Every writer deals with writing procrastination. It's one of our key traits.
We put off the next chapter, the next article, and wait until our deadline is just a few days away. Then we frantically type away at the keyboard, hoping that we have enough time to edit it before it's too late.
But why do we procrastinate?
Better yet, how do we stop procrastinating and get back to writing our book?
In this article, you can learn three reasons why you allow procrastination to stop your writing progress, as well as a simple, three-step method to overcome whatever is doing that.
Every Writer Has Moments They Procrastinate
I'm probably the biggest procrastinator in my family. There's always something I'd rather be doing, always a new way to organize my room, always a friend I haven't e-mailed in forever. Why? Why do I put projects off? I only figured out the answer to this question a few days ago.
It turns out that there are multiple reasons why one might procrastinate. Here are three possibilities.
3 Reasons You Might Suffer From Writing Procrastination
For as many writers who have great writing habits that help them finish their writing projects, there are several others who develop bad writing habits that hurt their writing process.
The process of writing is a challenge, and it's inevitable that somewhere in the writing process you will fail to meet a writing goal, or suffer from other writing struggles.
In order to overcome your procrastination tendencies and finish your WIP, however you need to understand what might be stunting your actual writing.
For instance, it could be one of these three reasons.
1. You're Scared
You're scared of rejection, of failure, of negative criticism. You might be hesitant to write because you're not sure how people will react.
The truth is, there's no point in not trying. You can't please everyone in the world. If you tried to do that, you'd be stuck with an impossible feat that pulls you in a hundred different directions. That doesn't make anyone happy, including yourself.
Put your brave face on and write what you've been meaning to write for a while now.
2. You're Stuck
You're out of ideas. That dreaded writer's block has gotten the best of you again. You're putting off opening that document because you know that all you'll do is stare at it for ten minutes before going off to check Facebook.
I've put off writing articles I really did need to write for weeks because I had no idea what my topic was going to be. When I finally did sit down at my computer, I realized that I had dozens of ideas. I just had to look for them.
3. You're Bored
Your story is no longer interesting. You've squeezed all of the excitement out of your plot and now all you have is a dry sponge.
This has happened to me too many times to count.
This problem is actually quite easy to fix, though. Add a plot twist, a new character, a surprising secret that no one knew about your character until now. You'd be surprised how many chapters you can get out of that.
All I added was one surprising secret about my minor character and suddenly the word count in my story has doubled!
Daily Writing Practice: 3-Step Method to Stop Procrastinating and Finish Your Book
Now that you know what might be holding you back, let's turn your attention to a simple, three-step method on how to stop procrastinating and finish your book.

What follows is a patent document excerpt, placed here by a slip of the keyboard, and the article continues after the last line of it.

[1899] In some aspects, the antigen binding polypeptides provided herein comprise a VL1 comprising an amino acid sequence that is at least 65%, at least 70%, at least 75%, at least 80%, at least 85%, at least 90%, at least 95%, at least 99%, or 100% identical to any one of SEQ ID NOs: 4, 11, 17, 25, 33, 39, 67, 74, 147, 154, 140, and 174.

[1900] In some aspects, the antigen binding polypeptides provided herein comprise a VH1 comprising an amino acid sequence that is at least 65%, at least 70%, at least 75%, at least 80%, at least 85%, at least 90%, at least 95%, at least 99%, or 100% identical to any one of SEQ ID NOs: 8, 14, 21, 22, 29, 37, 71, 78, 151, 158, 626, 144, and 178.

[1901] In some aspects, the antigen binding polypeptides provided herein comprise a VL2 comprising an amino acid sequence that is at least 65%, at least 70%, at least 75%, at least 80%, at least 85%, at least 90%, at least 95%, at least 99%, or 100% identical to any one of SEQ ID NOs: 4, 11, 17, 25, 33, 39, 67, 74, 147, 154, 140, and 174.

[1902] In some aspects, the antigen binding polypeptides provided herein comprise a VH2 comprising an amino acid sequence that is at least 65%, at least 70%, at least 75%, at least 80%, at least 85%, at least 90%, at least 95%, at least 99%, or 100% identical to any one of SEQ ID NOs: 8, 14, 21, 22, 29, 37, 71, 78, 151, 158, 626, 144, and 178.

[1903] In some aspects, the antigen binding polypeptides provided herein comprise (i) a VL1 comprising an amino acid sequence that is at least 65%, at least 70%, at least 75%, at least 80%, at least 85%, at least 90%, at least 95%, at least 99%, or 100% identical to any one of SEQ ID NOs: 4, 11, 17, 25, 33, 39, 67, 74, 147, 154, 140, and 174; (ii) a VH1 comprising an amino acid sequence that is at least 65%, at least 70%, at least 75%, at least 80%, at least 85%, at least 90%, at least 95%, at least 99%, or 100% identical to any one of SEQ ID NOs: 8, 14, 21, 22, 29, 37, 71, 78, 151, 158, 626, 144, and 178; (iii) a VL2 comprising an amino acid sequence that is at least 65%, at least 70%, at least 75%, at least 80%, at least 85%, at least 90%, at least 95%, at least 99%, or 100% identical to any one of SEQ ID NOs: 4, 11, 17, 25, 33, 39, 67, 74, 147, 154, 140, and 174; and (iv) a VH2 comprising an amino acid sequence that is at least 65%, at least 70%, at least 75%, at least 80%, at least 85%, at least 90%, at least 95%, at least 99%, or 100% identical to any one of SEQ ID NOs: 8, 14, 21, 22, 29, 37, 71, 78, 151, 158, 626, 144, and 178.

If you've ever wanted to write a book but gotten stuck at some point in the process because of procrastination, this video is actually going to help you get unstuck and finish your book.
In it, you can learn the exact process Joe Bunting, best-selling author and founder of The Write Practice, uses to beat his procrastination. It's the same method he's used to help thousands of writers defeat procrastination and finish their WIP.
Click play to get started—and improve your writing life!
From Terrible Writer to Productive Writer
Numerous writers give up on their manuscripts because of a poor procrastination habit or procrastination excuses that interpret their writing days on the regular.
By creating a writing deadline and dedicated a couple of hours in the day or week to write, you're far more likely to overcome any procrastination tendencies determined to make you quit.
If you want to write a larger writing project, you will face days where you just don't want to write—where everything works a a a distraction. To rejuvenate a strong writing flow, however, you need to learn how to budget your time and overcome procrastination.
The best way to do this is to identify what keeps you from making progress on your book manuscript. After you do this, then try out the simple, three-step strategies that Joe teaches in the YouTube video to complete your daily writing practice or writing task.
Don't allow a sense of guilt to takeover. Take action, and get back to work!
Do you procrastinate? If so, why? How do you handle it? Let us know in the comments.
Write what you've been putting off for a while now. (Come on, I know you have something). If you really and truly don't have anything that you've been procrastinating, write about a character who is procrastinating an important project.
Now, reflect back on the three-step method. Journal out a plan using this method that will help you stop your procrastination and help you get back to your WIP.
Write for fifteen minutes and post your practice in the practice box below. Be sure to comment on a few other practices, as well.
Enter your practice here:
The Magic Violinist is a young author who writes mostly fantasy stories. She loves to play with her dog and spend time with her family. Oh, and she's homeschooled. You can visit her blog at themagicviolinist.blogspot.com. You can also follow The Magic Violinist on Twitter (@Magic_Violinist).